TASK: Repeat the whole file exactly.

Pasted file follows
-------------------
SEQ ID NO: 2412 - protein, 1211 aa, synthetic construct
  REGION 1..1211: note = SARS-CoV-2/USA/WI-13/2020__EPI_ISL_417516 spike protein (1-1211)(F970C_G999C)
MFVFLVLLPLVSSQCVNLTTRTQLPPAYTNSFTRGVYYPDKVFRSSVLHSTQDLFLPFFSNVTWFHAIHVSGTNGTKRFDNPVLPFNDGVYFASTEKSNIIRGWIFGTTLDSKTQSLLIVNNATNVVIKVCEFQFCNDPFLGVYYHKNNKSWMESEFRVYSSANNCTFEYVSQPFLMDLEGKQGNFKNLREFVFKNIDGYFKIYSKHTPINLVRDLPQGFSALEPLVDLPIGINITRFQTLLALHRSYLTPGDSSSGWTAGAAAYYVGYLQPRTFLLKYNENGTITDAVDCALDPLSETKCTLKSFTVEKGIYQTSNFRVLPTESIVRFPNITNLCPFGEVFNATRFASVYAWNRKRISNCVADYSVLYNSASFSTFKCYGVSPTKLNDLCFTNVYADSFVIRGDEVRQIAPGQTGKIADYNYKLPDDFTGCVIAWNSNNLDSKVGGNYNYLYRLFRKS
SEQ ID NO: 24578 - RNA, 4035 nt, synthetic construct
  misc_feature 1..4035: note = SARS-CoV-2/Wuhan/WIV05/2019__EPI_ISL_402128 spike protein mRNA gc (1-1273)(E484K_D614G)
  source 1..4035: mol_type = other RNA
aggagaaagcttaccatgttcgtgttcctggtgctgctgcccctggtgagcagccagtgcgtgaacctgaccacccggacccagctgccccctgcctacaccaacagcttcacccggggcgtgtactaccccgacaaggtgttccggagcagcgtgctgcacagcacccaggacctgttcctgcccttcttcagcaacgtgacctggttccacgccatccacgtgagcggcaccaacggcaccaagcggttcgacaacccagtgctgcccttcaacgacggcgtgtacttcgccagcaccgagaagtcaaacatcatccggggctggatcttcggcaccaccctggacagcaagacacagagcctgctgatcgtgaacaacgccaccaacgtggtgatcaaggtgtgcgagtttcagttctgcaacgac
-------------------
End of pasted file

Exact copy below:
SEQ ID NO: 2412 - protein, 1211 aa, synthetic construct
  REGION 1..1211: note = SARS-CoV-2/USA/WI-13/2020__EPI_ISL_417516 spike protein (1-1211)(F970C_G999C)
MFVFLVLLPLVSSQCVNLTTRTQLPPAYTNSFTRGVYYPDKVFRSSVLHSTQDLFLPFFSNVTWFHAIHVSGTNGTKRFDNPVLPFNDGVYFASTEKSNIIRGWIFGTTLDSKTQSLLIVNNATNVVIKVCEFQFCNDPFLGVYYHKNNKSWMESEFRVYSSANNCTFEYVSQPFLMDLEGKQGNFKNLREFVFKNIDGYFKIYSKHTPINLVRDLPQGFSALEPLVDLPIGINITRFQTLLALHRSYLTPGDSSSGWTAGAAAYYVGYLQPRTFLLKYNENGTITDAVDCALDPLSETKCTLKSFTVEKGIYQTSNFRVLPTESIVRFPNITNLCPFGEVFNATRFASVYAWNRKRISNCVADYSVLYNSASFSTFKCYGVSPTKLNDLCFTNVYADSFVIRGDEVRQIAPGQTGKIADYNYKLPDDFTGCVIAWNSNNLDSKVGGNYNYLYRLFRKS
SEQ ID NO: 24578 - RNA, 4035 nt, synthetic construct
  misc_feature 1..4035: note = SARS-CoV-2/Wuhan/WIV05/2019__EPI_ISL_402128 spike protein mRNA gc (1-1273)(E484K_D614G)
  source 1..4035: mol_type = other RNA
aggagaaagcttaccatgttcgtgttcctggtgctgctgcccctggtgagcagccagtgcgtgaacctgaccacccggacccagctgccccctgcctacaccaacagcttcacccggggcgtgtactaccccgacaaggtgttccggagcagcgtgctgcacagcacccaggacctgttcctgcccttcttcagcaacgtgacctggttccacgccatccacgtgagcggcaccaacggcaccaagcggttcgacaacccagtgctgcccttcaacgacggcgtgtacttcgccagcaccgagaagtcaaacatcatccggggctggatcttcggcaccaccctggacagcaagacacagagcctgctgatcgtgaacaacgccaccaacgtggtgatcaaggtgtgcgagtttcagttctgcaacgac